Beirut synagogue restored to glory, despite tensions with Israel
The main Jewish prayer house in the Lebanese capital has been renovated beautifully, demonstrating tolerance for places of worship, although there is still residual anger in the country over its conflict with Israel.
The renovation of the Maghen Abraham Synagogue in downtown Beirut is nearing completion. Artists have been putting the finishing touches on the interior of the temple sanctuary, which was constructed in 1925 in the Wadi abu-Jmil district of the city, also home to the country's parliament buildings.
Renovations on the ruined synagogue in central Beirut began in 2009 after an agreement between various religious denominations and permission from the Lebanese government, planning authorities and even Hezbollah. The project received the green light after political officials and community leaders became convinced it could show that Lebanon is an open country, tolerant of many faiths including Judaism.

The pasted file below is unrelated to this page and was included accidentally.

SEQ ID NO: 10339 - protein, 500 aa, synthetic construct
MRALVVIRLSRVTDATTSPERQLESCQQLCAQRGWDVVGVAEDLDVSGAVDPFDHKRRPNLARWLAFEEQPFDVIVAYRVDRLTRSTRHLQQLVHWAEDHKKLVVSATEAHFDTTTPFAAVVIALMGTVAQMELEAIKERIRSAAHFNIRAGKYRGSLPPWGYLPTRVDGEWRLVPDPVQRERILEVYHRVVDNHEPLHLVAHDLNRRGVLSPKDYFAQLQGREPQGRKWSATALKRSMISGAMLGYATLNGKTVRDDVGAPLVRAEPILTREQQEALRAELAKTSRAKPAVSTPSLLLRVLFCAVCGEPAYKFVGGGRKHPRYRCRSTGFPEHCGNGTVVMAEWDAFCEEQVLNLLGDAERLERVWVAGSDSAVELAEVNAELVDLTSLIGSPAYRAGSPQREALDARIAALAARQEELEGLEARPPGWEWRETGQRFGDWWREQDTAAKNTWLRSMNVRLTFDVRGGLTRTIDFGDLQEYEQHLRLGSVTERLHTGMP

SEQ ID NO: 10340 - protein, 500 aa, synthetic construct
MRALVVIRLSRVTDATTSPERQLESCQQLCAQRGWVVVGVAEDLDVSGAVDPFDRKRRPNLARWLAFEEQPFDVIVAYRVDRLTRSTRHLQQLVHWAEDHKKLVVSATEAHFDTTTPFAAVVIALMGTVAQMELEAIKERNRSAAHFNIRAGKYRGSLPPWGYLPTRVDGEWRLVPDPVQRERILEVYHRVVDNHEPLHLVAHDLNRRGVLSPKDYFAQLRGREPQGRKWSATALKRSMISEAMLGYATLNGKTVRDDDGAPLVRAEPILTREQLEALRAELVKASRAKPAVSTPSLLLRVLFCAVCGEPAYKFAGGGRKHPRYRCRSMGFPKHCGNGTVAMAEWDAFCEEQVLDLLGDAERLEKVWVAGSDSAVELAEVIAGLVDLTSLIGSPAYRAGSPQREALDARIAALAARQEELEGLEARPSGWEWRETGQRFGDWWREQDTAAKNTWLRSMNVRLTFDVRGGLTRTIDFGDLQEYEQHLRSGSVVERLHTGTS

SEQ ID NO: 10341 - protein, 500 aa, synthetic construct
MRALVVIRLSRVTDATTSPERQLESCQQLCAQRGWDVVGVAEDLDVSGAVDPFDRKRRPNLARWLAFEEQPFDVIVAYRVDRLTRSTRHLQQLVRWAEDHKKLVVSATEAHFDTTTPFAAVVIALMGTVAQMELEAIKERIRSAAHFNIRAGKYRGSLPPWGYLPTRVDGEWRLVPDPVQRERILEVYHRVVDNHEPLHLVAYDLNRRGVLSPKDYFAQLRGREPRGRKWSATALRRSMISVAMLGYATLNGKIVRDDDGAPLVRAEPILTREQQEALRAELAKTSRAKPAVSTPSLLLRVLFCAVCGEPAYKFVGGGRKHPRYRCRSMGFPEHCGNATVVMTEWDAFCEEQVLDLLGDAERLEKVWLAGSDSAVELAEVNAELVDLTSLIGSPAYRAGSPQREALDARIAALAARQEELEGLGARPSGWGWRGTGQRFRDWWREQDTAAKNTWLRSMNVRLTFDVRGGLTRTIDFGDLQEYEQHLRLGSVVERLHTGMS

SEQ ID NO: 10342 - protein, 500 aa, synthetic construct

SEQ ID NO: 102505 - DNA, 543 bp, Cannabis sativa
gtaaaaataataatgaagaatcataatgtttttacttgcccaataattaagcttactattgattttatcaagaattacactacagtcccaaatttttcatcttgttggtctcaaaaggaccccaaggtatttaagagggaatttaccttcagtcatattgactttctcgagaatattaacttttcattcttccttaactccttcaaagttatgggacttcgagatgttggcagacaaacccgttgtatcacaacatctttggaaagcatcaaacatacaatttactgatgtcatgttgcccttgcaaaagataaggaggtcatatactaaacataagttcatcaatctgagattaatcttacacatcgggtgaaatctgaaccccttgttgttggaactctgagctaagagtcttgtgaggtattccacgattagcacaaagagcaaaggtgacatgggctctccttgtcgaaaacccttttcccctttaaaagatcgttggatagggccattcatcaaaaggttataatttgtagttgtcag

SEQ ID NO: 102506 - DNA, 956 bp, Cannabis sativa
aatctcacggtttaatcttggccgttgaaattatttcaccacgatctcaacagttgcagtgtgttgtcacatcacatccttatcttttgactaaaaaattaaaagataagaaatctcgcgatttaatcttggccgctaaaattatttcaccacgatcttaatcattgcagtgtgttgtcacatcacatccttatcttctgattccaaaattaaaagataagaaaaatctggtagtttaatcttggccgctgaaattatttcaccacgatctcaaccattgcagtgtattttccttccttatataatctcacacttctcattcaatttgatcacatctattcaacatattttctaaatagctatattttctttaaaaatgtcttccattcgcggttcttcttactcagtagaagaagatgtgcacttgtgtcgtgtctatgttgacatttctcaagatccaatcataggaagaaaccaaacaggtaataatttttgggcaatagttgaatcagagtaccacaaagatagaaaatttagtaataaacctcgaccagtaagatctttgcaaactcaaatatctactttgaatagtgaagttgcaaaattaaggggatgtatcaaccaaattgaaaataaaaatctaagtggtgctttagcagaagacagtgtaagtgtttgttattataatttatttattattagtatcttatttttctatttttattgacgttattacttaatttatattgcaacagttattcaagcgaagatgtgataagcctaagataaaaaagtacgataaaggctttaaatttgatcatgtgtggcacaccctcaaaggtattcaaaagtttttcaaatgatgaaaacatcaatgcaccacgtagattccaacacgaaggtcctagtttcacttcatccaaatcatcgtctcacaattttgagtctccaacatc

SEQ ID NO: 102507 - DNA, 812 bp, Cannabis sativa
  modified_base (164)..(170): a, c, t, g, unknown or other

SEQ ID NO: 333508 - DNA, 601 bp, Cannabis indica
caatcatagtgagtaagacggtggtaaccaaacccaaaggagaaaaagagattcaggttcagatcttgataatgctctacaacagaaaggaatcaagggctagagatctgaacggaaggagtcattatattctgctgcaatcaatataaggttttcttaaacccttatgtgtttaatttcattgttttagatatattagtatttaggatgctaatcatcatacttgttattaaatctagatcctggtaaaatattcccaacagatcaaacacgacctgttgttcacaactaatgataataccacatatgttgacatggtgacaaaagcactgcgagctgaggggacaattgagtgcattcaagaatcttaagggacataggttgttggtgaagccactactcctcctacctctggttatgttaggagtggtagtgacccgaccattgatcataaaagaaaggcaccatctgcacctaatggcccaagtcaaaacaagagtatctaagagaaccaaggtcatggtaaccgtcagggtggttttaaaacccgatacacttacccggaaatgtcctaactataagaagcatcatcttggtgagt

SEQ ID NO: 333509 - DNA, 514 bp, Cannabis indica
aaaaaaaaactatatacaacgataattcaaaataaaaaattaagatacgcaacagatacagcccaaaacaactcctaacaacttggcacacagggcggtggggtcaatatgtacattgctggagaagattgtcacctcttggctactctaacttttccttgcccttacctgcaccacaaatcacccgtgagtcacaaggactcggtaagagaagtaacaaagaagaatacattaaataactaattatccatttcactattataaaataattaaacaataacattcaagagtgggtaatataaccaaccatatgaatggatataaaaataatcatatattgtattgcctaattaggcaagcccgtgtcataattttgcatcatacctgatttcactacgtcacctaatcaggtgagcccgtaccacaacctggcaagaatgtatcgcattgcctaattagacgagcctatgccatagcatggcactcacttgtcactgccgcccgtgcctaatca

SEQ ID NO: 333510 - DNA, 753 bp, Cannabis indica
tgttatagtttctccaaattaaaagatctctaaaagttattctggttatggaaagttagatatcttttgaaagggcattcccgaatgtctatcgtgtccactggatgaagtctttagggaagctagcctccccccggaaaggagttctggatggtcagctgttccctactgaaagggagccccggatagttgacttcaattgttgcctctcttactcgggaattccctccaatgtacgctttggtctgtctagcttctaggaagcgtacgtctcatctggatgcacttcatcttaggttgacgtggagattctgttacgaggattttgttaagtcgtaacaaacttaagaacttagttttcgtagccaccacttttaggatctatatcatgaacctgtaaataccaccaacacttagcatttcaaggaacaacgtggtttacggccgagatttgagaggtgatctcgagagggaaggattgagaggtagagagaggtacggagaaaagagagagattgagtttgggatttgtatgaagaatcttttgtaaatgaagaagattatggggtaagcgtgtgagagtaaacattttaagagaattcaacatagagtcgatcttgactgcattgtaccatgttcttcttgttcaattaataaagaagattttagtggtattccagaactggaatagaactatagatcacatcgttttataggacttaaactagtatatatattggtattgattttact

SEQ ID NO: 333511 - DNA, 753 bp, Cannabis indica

Renovations have included mending the gaping hole in the Moroccan-style synagogue's roof and repairing the chandeliers that once hung from it. The Torah ark and prayer benches will also be refurbished to their former states, having been seriously damaged in fighting between Muslim and Christian forces during the 1975-1990 Lebanese civil war.
Several dozen Jews still living in Lebanon will fund the project to the tune of $200,000, along with others in the Diaspora. The project has also received a $150,000 grant from Solidere, a construction firm tasked with rebuilding central Beirut from the destruction of the civil war. The company is privately owned by the family of Rafik Hariri, the former prime minister assassinated in 2005.
Lebanon's Jewish community is one of the country's 17 officially recognized faiths. Over the years the Lebanese Jewish community has dwindled due to emigration, including to Israel. The several dozen people in its remaining Jewish community hold few religious activities other than prayer services during the High Holidays. Many Jewish residents are in middle age or older, and affluent, and many live outside Lebanon, mostly in Europe.